'I had my baby keeping me up all night so I’m feeling pretty terrible,' says David Hathiramani, the CEO of a Suit That Fits, after picking up the phone to MT. 'But hopefully you can add a bit of charisma and passion into the article that might not come through otherwise.'
His first child (a daughter named Vivienne) has arrived at a pretty hectic time for the company, which lets customers design and buy their own made-to-measure suit online. It's currently in the midst of a crowdfunding campaign which was initially seeking to raise £500,000 (a target it has exceeded) – a process that can take a lot of hard work. 'When the crowdfunding closes it’s going to feel like a massive weight lifted off my shoulders,' he admits.
Hathiramani founded the business in 2006 and has since built it up to a turnover of £2.5m. The seed of his creation was the sight of his co-founder in a Nepalese suit. 'Warren used to have a suit made wherever he went,' says Hathiramani. 'He had one made in China that was pretty shoddy, he got a suit made in Africa that made him look like MC Hammer.
'But I saw him wearing a suit that he got tailored in Kathmandu by some amazing tailors from there and I wanted one too. My background was in technology, so I thought wouldn’t it be cool if you could actually design your own suit online.'
It seemed like an obvious step – the internet has disrupted everything else, so why not Savile Row? But after he built the platform and started trading in 2006, it soon became apparent that people were still keen on the personal touch. 'We started to realise that our customers loved the idea of designing the suit online, but they would really like it if they could have an appointment with us to go through the style and go through the fit,' he says.
So they opened a fitting studio in the City, and started to get 'inundated with appointments.' The suits, which cost between £299 and £1,100, are all made in Nepal, where the company employs 60 tailors and has just invested in a 12,000 sq ft piece of land on which it plans to build a new factory.
The business now has 12 studios across the UK and also offers fitting appointments in 14 other towns and cities, but the journey hasn't been without its challenges. After several years of rapid growth the business ran into trouble and had to be rescued by long-time retail FD Keith Watson.
Hathiramani attributes their difficulties to a combination of events 'outside our control' - like difficulties with its payments provider - as well as a lack of financial nous in the company. 'Having the right board to cover all bases of experience that you're going to need to scale your business is really really important and if I had know that at the time we started I would probably have saved three years of my journey,' he says. 'But it's just one of those learning things and it has stood us in really good stead for the future.'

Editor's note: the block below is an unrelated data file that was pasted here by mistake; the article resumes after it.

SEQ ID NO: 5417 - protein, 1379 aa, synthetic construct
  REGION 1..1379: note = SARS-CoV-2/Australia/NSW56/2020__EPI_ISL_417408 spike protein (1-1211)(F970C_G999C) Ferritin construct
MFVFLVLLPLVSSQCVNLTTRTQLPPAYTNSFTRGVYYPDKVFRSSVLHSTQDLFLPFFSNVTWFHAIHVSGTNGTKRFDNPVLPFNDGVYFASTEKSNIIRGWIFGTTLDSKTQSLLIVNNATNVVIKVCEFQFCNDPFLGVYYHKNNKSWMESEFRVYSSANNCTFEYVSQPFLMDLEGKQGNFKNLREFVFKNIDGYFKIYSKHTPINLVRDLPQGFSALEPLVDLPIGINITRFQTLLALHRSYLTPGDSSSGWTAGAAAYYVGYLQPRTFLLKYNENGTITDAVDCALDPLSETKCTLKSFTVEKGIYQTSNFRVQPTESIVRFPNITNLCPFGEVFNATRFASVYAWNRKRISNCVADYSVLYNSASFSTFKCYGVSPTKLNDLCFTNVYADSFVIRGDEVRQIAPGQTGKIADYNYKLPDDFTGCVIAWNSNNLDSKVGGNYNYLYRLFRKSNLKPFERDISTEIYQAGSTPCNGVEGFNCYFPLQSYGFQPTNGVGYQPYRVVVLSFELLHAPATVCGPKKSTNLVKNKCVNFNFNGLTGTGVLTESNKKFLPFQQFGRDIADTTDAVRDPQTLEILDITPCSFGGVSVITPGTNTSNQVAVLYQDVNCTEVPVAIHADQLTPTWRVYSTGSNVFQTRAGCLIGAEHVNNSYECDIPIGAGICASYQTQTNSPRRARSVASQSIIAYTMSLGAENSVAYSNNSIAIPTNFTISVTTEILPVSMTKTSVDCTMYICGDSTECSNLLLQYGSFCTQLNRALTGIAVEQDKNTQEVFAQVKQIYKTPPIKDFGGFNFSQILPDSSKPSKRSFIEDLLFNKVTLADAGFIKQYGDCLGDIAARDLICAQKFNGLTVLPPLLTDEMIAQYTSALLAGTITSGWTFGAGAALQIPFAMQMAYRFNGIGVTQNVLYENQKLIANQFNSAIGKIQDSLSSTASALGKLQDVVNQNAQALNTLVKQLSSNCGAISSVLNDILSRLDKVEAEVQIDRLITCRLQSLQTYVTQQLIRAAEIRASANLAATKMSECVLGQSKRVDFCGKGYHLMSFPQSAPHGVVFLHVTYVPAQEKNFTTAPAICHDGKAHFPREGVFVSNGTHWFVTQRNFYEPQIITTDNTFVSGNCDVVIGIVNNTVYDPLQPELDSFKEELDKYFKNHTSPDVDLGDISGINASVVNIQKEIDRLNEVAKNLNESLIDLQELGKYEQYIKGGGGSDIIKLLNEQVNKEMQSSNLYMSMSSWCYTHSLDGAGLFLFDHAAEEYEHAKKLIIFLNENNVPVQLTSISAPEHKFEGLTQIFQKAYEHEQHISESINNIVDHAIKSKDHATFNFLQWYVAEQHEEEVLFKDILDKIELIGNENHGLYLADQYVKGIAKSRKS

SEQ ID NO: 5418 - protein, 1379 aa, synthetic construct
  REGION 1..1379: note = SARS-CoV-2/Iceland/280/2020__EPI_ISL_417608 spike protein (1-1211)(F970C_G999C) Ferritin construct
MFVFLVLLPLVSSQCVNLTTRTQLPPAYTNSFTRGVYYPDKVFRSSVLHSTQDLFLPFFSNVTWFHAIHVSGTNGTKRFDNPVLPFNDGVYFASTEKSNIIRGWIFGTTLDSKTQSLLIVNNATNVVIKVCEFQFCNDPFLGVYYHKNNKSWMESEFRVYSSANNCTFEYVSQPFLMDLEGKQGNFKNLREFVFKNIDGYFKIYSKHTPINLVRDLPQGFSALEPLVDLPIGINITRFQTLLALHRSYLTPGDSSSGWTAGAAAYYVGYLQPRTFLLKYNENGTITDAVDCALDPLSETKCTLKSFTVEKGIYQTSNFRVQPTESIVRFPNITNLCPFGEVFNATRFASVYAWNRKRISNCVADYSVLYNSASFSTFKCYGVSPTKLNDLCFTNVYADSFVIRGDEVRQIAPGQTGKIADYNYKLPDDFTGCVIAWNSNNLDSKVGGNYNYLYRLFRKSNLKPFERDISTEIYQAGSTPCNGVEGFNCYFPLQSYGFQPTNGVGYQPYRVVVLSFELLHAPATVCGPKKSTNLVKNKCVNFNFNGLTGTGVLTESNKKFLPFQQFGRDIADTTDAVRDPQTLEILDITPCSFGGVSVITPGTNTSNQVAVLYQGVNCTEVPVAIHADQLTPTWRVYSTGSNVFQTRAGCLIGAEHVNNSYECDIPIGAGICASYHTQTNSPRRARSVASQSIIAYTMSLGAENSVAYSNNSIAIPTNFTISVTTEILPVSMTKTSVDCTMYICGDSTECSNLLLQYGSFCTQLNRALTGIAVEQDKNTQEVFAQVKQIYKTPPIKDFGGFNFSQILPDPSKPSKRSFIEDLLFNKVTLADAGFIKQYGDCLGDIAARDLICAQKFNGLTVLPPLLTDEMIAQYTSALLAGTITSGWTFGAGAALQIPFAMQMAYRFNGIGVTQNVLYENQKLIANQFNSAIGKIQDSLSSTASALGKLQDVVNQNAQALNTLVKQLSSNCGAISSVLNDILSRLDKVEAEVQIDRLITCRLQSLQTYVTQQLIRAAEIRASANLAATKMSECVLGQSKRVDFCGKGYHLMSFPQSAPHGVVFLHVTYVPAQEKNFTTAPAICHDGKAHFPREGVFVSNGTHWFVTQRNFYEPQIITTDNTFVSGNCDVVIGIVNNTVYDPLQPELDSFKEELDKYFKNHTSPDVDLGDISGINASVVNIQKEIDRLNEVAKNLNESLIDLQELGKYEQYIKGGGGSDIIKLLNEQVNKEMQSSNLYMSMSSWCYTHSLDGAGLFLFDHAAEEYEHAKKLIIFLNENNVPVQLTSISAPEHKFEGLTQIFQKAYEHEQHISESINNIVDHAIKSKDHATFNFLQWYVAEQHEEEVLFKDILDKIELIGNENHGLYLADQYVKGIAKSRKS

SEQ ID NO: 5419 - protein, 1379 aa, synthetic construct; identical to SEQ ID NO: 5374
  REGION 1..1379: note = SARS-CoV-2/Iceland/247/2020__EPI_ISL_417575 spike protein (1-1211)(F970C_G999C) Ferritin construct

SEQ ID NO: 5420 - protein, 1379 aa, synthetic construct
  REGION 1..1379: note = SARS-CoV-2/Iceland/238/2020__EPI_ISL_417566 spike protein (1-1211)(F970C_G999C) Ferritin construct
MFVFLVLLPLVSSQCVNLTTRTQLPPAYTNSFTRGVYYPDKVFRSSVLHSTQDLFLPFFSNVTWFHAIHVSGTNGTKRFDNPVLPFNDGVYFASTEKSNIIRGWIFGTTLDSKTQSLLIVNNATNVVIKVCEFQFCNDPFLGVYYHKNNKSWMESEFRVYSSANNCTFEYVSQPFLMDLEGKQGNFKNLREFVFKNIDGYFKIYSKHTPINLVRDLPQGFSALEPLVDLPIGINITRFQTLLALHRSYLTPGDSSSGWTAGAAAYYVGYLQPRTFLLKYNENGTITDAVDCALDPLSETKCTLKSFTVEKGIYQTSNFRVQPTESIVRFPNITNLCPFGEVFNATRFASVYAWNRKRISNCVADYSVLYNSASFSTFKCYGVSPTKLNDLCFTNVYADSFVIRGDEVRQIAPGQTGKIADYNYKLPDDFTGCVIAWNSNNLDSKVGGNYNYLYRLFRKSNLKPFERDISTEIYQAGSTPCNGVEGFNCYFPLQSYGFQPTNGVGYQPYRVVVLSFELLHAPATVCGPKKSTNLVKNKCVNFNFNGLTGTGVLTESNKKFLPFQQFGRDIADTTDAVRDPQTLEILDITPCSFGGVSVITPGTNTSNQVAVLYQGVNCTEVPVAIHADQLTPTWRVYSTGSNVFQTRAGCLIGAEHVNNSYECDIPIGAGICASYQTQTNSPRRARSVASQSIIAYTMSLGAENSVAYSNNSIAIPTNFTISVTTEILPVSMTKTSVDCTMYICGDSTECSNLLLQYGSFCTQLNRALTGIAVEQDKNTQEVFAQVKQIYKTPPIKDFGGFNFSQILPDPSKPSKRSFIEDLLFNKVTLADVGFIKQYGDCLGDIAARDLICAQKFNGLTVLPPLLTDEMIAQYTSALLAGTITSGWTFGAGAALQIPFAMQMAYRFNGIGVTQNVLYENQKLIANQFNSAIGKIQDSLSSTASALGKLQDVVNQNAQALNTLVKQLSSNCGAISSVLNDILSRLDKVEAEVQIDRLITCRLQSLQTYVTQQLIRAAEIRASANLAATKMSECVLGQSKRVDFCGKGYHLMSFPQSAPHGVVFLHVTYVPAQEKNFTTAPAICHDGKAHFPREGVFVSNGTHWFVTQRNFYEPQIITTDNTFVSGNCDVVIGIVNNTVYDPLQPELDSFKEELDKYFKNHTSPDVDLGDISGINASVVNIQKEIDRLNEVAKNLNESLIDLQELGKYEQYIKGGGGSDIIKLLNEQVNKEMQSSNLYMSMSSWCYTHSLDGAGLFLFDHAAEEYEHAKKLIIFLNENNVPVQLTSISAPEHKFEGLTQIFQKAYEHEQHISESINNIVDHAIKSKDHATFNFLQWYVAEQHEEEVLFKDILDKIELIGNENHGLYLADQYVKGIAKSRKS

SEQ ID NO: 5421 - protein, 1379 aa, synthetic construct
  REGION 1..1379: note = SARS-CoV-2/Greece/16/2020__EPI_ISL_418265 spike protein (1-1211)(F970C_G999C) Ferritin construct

Things have certainly been looking up since the rescue. Last year he managed to land investment from former Mothercare and Lovefilm CEO Simon Calver and from investor Gi Fernando, who has also backed big-name startups YPlan and Citymapper. At last count its crowdfunding round was 'overfunding' by more than 20%.
With the cash it has raised, A Suit That Fits is looking to emulate the likes of taxi app Uber and cleaning startup Hassle by recruiting an army of self-employed fitters. 'Now what we’re looking to do and how we’re looking to scale is by creating what we calling a "fit expert marketplace",' says Hathiramani. 'They use our platform, we drive them leads, they use our platform to deliver the tailoring, to book appointments etcetera. They are effectively business owners and we are also guiding them on how to scale their local tailoring business.'
Juggling all that with raising a family will keep Hathiramani busy, but he can at least make use of a good piece of advice he was recently given by an associate. 'He said the best thing to do…was that every minute that you are at home should be time focussed solely on your home life,' he says. 'That really resonated for me because I realised I was getting distracted even when I was at home with a newborn baby. So I made it my mission to focus very much on the home when I was at home.'